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PERFORMANCE AUDIT REPORT Foster Care: Reviewing Decisions To Remove Children From Their Homes Executive Summary

PERFORMANCE AUDIT REPORT

Foster Care: Reviewing Decisions To Remove Children From Their Homes

Executive Summary

with Conclusions and Recommendations

A Report to the Legislative Post Audit Committee By the Legislative Division of Post Audit State of Kansas October 2006

Legislative Post Audit Committee

Legislative Division of Post Audit

THE LEGISLATIVE POST Audit Committee and its audit agency, the Legislative Division of Post Audit, are the audit arm of Kansas government. The programs and activities of State government now cost about $11 billion a year. As legislators and administrators try increasingly to allocate tax dollars effectively and make government work more efficiently, they need information to evaluate the work of governmental agencies. The audit work performed by Legislative Post Audit helps provide that information.

We conduct our audit work in accordance with applicable government auditing standards set forth by the U.S. Government Accountability Office. These standards pertain to the auditor’s professional qualifications, the quality of the audit work, and the characteristics of professional and meaningful reports. The standards also have been endorsed by the American Institute of Certified Public Accountants and adopted by the Legislative Post Audit Committee.

The Legislative Post Audit Committee is a bipartisan committee comprising five senators and five representatives. Of the Senate members, three are appointed by the President of the Senate and two are appointed by the Senate Minority Leader. Of the Representatives, three are appointed by the Speaker of the House and two are appointed by the Minority Leader.

Audits are performed at the direction of the Legislative Post Audit Committee. Legislators

or committees should make their requests for performance audits through the Chairman or any other member of the Committee. Copies of all completed performance audits are available from the Division’s office.

LEGISLATIVE POST AUDIT COMMITTEE

Senator Les Donovan, Chair Senator Anthony Hensley Senator Nick Jordan Senator Derek Schmidt Senator Chris Steineger

Representative John Edmonds, Vice-Chair Representative Tom Burroughs Representative Peggy Mast Representative Bill McCreary Representative Tom Sawyer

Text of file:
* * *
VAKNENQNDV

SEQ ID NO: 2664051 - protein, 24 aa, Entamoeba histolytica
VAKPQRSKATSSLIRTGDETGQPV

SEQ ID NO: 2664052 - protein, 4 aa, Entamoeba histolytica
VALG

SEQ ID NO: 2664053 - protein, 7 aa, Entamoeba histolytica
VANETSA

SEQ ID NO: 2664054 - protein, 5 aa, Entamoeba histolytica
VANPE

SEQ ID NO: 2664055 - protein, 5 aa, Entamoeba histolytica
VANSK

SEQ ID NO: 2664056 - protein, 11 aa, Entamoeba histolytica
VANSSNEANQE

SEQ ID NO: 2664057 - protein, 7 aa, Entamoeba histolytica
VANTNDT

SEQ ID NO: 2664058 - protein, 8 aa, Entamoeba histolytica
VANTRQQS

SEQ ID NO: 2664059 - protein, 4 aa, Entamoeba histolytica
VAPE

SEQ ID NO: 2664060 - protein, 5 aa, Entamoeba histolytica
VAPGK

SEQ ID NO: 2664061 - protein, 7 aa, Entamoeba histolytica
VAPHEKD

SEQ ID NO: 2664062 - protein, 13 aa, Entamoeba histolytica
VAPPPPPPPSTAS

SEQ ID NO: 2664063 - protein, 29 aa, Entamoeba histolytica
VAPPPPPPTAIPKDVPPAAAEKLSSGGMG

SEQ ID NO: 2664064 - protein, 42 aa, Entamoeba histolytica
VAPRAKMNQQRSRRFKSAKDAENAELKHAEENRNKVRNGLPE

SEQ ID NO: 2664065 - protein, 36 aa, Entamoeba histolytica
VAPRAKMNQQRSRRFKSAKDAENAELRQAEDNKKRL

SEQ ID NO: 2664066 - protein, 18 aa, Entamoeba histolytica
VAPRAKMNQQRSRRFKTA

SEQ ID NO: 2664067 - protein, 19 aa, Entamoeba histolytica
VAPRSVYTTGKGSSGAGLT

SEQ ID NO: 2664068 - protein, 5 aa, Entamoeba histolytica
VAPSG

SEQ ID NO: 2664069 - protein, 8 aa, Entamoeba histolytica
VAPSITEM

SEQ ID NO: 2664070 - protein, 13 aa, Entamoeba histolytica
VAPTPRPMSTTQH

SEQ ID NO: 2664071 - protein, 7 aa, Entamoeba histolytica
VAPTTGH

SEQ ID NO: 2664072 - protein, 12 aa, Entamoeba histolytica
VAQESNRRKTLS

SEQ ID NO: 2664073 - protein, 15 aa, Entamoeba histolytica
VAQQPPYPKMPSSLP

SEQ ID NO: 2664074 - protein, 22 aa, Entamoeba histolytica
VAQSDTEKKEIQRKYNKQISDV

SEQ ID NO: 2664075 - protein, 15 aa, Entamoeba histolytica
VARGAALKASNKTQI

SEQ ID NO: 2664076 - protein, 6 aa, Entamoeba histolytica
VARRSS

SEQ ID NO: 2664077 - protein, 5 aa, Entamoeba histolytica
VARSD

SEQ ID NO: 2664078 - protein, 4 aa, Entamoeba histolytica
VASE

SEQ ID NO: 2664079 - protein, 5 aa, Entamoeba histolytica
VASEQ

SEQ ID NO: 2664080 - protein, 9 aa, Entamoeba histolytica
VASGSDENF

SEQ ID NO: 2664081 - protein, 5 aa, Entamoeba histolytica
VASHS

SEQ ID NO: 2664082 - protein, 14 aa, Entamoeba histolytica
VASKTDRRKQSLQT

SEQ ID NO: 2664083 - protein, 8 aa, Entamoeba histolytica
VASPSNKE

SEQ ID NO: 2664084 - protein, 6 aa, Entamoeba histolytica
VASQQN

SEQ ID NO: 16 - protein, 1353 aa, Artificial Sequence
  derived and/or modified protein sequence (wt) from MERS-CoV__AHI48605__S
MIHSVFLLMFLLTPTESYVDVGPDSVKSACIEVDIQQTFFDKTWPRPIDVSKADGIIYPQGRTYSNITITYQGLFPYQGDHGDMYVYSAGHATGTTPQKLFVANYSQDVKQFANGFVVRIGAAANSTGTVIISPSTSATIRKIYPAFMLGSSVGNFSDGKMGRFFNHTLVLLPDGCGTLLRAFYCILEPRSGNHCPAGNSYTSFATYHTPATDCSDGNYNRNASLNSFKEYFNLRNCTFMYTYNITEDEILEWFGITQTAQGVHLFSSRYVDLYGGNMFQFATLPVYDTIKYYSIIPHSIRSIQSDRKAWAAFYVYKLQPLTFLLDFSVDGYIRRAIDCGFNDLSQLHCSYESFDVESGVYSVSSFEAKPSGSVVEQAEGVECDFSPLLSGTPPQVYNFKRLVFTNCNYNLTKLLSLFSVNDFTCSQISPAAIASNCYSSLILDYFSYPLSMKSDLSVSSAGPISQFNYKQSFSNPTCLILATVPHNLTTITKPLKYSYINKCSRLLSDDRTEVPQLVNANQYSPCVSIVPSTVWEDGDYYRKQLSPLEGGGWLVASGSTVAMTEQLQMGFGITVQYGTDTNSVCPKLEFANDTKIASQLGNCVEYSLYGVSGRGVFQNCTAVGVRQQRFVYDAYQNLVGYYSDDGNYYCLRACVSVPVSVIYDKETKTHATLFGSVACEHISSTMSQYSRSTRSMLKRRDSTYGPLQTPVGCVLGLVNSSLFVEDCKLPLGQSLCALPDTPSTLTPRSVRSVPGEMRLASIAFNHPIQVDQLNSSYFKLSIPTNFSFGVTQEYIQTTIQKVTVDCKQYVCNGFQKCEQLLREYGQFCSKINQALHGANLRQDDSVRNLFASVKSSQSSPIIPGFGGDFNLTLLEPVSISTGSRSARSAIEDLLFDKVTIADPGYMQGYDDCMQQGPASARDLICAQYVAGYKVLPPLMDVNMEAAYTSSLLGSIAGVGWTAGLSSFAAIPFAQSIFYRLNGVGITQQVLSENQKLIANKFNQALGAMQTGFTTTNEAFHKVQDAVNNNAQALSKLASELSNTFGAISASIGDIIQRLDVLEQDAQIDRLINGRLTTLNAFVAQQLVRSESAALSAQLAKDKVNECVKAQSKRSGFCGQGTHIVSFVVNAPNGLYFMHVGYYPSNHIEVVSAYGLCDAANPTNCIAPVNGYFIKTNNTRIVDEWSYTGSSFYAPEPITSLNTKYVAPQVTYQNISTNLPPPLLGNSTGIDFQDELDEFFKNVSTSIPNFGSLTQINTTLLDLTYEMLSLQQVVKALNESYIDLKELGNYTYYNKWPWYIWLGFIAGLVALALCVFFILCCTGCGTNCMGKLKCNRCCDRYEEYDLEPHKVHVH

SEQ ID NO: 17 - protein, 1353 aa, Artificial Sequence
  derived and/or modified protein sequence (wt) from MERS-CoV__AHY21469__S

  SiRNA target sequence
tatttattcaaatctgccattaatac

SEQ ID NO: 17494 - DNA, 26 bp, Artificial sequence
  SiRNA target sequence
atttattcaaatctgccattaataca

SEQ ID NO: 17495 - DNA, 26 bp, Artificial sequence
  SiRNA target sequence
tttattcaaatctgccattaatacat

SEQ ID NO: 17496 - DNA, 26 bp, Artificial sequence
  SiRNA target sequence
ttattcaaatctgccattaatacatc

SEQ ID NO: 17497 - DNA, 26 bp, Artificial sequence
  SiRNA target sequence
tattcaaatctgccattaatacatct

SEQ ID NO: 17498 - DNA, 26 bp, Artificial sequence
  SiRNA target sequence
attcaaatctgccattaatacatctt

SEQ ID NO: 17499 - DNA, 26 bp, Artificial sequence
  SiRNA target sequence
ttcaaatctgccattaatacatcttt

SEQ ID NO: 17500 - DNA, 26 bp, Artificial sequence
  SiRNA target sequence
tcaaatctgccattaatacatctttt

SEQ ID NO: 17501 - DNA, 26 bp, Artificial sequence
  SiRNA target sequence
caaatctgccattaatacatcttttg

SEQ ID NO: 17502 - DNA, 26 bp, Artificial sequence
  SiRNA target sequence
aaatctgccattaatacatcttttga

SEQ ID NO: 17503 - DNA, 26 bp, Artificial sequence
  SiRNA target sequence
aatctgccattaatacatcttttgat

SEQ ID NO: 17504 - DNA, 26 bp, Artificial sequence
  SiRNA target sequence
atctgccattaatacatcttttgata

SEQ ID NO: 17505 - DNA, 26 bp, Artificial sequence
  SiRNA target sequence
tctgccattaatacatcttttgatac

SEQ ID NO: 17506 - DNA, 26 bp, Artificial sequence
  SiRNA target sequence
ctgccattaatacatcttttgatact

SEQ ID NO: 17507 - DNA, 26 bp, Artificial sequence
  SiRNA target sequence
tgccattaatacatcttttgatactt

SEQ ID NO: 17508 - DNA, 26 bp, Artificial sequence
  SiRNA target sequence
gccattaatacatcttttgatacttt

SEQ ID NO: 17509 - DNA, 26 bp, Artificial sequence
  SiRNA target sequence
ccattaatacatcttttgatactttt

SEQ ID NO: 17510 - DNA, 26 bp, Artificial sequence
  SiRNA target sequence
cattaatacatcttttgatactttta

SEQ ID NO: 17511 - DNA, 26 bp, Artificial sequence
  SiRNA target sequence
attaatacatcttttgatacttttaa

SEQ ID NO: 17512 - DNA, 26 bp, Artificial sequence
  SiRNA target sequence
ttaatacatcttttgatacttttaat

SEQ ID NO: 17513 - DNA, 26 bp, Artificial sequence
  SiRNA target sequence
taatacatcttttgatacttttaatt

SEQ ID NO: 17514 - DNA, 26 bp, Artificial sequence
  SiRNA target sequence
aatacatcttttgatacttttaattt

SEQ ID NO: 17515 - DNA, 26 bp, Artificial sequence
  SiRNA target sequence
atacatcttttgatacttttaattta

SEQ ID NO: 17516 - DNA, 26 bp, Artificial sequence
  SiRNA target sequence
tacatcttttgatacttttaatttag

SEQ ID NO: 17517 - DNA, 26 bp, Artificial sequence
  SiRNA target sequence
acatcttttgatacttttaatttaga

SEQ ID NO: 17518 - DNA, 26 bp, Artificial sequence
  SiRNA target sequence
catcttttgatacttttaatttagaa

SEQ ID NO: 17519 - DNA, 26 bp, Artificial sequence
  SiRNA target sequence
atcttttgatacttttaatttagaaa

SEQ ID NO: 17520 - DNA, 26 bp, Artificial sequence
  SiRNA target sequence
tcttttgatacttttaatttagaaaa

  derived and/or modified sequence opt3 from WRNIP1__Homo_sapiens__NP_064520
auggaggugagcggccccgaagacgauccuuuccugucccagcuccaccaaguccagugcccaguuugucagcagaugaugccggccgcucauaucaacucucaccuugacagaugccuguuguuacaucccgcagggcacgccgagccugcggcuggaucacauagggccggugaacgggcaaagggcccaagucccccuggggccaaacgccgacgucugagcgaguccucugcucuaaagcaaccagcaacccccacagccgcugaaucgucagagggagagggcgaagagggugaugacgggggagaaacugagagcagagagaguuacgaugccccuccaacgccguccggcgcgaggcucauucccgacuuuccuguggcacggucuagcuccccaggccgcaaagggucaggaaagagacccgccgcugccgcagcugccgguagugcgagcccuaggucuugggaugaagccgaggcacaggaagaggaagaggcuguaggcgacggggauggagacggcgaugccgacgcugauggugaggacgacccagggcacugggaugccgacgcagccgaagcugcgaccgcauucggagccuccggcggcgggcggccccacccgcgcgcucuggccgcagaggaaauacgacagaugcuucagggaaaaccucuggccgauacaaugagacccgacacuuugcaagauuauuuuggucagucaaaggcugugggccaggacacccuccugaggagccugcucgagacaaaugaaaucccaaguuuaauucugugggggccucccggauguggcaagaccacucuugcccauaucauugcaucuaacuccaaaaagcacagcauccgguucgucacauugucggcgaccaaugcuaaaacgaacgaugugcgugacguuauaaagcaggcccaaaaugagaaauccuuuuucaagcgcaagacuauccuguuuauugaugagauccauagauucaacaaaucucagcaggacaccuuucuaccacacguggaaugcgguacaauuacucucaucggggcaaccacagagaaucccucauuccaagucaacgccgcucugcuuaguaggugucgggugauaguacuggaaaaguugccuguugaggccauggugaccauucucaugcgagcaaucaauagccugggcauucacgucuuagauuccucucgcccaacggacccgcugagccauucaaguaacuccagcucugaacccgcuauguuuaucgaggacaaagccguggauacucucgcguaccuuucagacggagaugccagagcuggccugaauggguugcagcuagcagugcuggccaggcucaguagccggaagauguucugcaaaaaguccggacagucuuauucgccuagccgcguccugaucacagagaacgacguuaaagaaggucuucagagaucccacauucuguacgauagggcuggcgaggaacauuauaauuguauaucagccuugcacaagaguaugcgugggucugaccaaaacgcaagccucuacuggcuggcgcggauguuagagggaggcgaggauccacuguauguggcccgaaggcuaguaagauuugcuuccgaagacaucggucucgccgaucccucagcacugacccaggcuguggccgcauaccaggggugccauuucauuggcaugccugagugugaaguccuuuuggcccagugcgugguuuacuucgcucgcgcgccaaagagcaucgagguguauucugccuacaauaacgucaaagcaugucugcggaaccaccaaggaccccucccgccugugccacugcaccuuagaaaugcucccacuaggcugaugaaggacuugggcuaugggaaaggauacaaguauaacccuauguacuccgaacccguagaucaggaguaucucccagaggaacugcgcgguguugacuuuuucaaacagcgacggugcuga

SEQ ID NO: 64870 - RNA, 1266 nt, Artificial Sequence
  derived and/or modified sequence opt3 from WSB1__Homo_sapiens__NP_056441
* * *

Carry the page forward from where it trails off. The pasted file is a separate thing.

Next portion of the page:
LEGISLATIVE DIVISION OF POST AUDIT

800 SW Jackson Suite 1200 Topeka, Kansas 66612-2212 Telephone (785) 296-3792 FAX (785) 296-4482 E-mail: LPA@lpa.state.ks.us Website:

http://kslegislature.org/postaudit

Barbara J. Hinton, Legislative Post Auditor

The Legislative Division of Post Audit supports full access to the services of State government for all citizens. Upon request, Legislative Post Audit can provide its audit reports in large print, audio, or other appropriate alternative format to accommodate persons with visual impairments. Persons with hearing or speech disabilities may reach us through the Kansas Relay Center at 1-800-766-3777. Our office hours are 8:00 a.m. to 5:00 p.m., Monday through Friday.

October 17, 2006 L EGISLATURE OF K ANSAS L EGISLATIVE D IVISION OF P OST

October 17, 2006

LEGISLATURE OF KANSAS

LEGISLATIVE DIVISION OF POST AUDIT

800 SOUTHWEST JACKSON STREET, SUITE 1200

TOPEKA, KANSAS 66612-2212 TELEPHONE (785) 296-3792 FAX (785) 296-4482 E-MAIL: lpa@lpa.state.ks.us

To:

Members of the Kansas Legislature

This executive summary contains the findings and conclusions, together with a summary of our recommendations and the agency responses, from our completed performance audit, Foster Care: Reviewing Decisions To Remove Children from Their Homes.

The report also contains an appendix showing examples of some of the concerns family members expressed to us that we checked out. In some cases, we determined these issues were not problems, while in other instances we were unable to conclude whether the events happened.